(AP) - President Viktor Yushchenko on Tuesday accused his former prime minister of abuse of office, saying he fired her as a "matter of honour" because she abandoned the ideals of last year's Orange Revolution that rallied Ukraine.

"It was not the ideals of Independence Square - it was backstage intrigues," Yushchenko told The Associated Press in an interview five days after he dismissed Yulia Tymoshenko and her cabinet.

He levelled sharp allegations at his one-time comrade-in-arms, accusing the popular politician of trying to use her post to wipe out $1.5 billion in debts owed by a defunct energy company she once headed. But Yushchenko said he would welcome Tymoshenko back to the government if she were to return to the principles they had shared.

"It was a case of my honour not to use Ukraine's budget ... privatization ... official power to solve private problems," Yushchenko said.

He alleged that in addition to trying to have Unified Energy System's debts to the state written off, Tymoshenko also tried to cancel its debts to Russia. The company, Ukraine's predominant gas dealer, was run by Tymoshenko, her husband and her father-in-law in the 1990s.

"The behaviour that Yulia Volodymyrovna demonstrated in government, and the circle of her allies, were formed on a basis contrary to state interests," Yushchenko said, using Tymoshenko's patronymic, a formal form of address.

"Many activities which the prime minister participated in were carried out behind the scenes with the aim of solving her problems," he said.

Yushchenko reiterated his previous allegation that Tymoshenko had acted in favour of certain business interests, particularly in connection with the government's widely criticized re-privatization practice. Later Tuesday, Yushchenko said in a major reversal of Tymoshenko's policy that he was putting an end to re-privatizations, adding that "private property is untouchable."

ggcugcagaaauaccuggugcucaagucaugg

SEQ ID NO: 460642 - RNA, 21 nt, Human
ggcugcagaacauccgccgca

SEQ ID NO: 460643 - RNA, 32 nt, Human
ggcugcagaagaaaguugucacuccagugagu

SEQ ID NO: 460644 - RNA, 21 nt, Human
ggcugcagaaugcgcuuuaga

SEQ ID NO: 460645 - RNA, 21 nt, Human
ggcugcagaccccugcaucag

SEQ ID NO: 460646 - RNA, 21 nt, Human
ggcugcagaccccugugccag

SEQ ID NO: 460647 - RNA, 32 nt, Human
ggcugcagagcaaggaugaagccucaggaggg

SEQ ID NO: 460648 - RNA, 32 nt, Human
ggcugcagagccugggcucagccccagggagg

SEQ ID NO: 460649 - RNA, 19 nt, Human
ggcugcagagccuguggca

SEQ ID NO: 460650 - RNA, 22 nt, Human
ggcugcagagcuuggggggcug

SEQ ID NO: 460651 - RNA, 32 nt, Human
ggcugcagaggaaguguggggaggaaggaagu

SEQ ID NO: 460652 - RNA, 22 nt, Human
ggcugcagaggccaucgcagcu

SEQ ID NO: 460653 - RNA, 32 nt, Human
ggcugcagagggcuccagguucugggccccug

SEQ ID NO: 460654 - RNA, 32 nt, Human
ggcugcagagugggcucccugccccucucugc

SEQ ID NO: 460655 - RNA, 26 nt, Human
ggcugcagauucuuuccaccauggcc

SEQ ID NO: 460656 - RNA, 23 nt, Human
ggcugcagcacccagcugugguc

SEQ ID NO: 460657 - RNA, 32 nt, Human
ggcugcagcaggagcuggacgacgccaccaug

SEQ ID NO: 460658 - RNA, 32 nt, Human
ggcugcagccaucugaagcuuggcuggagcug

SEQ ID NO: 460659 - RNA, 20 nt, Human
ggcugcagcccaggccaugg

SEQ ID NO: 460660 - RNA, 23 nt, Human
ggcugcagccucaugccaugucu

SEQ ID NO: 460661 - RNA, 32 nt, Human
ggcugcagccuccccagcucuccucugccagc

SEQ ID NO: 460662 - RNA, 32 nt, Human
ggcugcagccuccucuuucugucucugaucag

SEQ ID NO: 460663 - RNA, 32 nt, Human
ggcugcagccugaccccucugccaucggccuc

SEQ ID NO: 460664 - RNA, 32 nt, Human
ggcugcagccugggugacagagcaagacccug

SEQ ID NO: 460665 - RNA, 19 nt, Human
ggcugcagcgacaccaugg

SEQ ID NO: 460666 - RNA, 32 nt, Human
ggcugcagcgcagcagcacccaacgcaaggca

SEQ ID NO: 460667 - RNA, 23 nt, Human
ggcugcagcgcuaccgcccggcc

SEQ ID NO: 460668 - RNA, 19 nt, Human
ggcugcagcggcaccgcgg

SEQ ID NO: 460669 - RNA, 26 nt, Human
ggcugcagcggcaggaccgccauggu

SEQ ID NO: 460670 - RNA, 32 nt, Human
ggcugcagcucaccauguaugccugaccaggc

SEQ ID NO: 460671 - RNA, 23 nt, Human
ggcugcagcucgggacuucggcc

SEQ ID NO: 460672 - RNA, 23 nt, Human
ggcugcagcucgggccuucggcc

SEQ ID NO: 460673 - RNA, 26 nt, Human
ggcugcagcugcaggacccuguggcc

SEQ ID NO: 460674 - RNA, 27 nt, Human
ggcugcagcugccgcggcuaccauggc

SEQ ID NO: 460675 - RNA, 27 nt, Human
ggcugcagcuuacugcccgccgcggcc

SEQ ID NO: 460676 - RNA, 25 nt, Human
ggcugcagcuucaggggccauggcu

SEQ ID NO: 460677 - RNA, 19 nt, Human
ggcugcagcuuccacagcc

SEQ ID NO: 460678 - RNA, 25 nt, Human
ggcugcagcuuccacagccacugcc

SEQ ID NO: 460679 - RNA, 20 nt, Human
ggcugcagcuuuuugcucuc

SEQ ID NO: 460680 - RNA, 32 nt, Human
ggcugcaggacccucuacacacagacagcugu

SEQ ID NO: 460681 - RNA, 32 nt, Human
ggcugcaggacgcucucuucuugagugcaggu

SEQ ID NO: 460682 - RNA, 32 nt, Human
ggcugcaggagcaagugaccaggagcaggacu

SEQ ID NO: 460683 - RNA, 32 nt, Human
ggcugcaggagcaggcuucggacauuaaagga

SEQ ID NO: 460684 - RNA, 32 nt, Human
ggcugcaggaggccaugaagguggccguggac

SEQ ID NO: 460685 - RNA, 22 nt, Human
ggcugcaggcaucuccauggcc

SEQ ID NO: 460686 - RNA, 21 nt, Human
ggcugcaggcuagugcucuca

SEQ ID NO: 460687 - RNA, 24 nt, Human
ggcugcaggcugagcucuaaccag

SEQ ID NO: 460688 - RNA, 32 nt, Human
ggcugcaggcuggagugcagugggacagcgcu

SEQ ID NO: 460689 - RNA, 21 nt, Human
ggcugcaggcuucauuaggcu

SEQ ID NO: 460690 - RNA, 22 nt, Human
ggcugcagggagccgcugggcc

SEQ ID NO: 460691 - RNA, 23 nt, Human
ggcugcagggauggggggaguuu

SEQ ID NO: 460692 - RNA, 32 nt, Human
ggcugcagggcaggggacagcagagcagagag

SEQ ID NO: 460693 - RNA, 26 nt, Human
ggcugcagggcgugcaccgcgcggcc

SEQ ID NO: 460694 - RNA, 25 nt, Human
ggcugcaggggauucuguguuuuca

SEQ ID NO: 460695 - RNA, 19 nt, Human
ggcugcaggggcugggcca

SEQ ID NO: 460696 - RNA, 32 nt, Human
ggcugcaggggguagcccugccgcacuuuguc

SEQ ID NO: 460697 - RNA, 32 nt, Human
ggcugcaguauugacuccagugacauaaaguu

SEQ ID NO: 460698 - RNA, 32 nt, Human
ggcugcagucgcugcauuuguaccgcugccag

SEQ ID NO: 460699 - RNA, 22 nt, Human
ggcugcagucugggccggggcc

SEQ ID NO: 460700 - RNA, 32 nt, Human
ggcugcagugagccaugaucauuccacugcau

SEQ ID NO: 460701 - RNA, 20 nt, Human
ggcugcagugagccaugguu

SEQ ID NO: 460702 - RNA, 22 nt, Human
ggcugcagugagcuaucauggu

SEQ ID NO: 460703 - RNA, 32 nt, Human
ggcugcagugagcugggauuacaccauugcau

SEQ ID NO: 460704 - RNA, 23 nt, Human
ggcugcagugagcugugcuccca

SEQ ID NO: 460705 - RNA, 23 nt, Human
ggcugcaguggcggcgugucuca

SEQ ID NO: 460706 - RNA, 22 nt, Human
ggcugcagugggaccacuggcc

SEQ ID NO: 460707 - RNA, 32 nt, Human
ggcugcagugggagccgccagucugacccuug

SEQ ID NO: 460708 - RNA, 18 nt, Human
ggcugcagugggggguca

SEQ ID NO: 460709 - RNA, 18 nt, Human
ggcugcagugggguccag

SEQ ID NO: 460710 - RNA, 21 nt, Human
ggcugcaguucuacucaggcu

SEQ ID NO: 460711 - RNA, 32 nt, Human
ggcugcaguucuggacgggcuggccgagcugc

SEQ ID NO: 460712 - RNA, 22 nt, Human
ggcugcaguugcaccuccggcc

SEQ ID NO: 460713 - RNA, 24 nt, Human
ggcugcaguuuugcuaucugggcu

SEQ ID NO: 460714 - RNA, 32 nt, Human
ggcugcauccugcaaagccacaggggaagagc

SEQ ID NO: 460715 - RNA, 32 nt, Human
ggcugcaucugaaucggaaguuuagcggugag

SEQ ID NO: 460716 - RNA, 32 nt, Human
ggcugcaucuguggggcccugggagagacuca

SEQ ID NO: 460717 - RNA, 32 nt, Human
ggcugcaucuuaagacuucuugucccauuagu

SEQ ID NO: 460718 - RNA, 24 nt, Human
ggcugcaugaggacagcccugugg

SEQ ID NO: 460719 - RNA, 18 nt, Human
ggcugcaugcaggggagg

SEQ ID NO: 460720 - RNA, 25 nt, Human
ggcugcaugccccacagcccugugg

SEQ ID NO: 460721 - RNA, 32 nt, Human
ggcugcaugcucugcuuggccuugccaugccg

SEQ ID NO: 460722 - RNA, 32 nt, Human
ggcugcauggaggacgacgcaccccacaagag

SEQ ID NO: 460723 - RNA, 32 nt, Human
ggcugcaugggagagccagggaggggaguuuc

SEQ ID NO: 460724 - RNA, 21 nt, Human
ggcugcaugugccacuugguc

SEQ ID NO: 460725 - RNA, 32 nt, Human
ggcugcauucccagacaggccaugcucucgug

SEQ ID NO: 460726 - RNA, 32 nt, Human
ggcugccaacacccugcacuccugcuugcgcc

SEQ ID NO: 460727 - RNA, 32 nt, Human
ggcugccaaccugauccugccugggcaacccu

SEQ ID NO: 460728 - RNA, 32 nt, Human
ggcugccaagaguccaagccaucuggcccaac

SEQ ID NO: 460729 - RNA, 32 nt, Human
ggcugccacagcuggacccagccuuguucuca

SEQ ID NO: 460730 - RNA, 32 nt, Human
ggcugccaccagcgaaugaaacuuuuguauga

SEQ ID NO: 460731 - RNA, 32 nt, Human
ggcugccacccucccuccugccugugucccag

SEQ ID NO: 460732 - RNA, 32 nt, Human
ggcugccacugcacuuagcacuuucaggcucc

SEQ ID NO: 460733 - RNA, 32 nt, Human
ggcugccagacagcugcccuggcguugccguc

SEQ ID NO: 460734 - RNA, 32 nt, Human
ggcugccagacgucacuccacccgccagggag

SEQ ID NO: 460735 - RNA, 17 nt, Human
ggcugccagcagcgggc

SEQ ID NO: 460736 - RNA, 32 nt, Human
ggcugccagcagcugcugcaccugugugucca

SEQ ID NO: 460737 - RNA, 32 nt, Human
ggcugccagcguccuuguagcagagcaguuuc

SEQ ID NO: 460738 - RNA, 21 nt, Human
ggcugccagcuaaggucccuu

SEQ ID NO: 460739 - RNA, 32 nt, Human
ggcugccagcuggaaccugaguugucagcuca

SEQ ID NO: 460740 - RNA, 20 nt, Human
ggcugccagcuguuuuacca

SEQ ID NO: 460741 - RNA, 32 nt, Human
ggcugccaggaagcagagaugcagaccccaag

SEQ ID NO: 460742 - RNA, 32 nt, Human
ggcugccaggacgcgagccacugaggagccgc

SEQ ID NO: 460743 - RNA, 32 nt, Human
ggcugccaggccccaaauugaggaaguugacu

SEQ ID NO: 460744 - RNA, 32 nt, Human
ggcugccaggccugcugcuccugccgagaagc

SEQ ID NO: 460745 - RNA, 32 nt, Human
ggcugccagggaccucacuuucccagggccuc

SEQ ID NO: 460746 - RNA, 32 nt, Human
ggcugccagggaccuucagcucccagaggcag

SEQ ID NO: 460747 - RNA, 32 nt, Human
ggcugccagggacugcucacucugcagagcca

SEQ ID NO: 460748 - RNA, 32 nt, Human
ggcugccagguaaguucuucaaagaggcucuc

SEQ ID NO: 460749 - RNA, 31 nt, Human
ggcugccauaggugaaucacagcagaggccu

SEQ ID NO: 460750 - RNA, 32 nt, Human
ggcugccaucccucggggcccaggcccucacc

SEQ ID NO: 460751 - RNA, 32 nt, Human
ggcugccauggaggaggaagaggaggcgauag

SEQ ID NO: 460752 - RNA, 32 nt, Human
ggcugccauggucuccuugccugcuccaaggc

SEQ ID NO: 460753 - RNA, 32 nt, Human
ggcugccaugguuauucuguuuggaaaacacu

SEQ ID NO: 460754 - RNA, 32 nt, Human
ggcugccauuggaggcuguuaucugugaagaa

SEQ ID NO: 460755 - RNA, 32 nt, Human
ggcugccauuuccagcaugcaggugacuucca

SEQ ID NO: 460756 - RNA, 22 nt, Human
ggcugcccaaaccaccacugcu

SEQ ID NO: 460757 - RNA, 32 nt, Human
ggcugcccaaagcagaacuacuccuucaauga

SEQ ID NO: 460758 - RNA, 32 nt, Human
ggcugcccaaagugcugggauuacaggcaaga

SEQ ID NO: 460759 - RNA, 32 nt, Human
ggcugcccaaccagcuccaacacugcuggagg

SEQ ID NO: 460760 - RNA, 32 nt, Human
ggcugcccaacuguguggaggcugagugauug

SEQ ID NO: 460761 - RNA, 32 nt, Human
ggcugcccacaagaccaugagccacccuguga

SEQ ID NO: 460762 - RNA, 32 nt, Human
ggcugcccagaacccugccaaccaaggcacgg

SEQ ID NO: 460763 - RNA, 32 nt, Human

Yushchenko told the AP he was completely at peace with his decision to fire Tymoshenko's government.

"It's the fourth day that I'm coming to work with a calm spirit," he said.

Yushchenko acknowledged that his own popularity was slipping, and he blamed the high expectations of Ukrainians.

"It's because what the people expected is far from fulfilled," he said, adding that the new government had to be pragmatic and not populist.

Tymoshenko, in a brief phone interview with the AP, called Yushchenko's allegations a shock, saying he was trying to revive the "old repression that (former President Leonid) Kuchma had used against me and my family."
Tymoshenko told the AP that courts had long ago ruled that all the debt and fines levied against her former energy company were illegal, and she accused Yushchenko of "picking up Kuchma's baton and wanting to get rid of me in the same way."

For many Ukrainians, Tymoshenko symbolized their revolution, a charismatic orator with charm and appealing ethnic symbolism. She rallied hundreds of thousands who massed in Kyiv to denounce fraud by the former government in the presidential election and force a new vote, which Yushchenko won.

She has said the president fired her because he feared her popularity.


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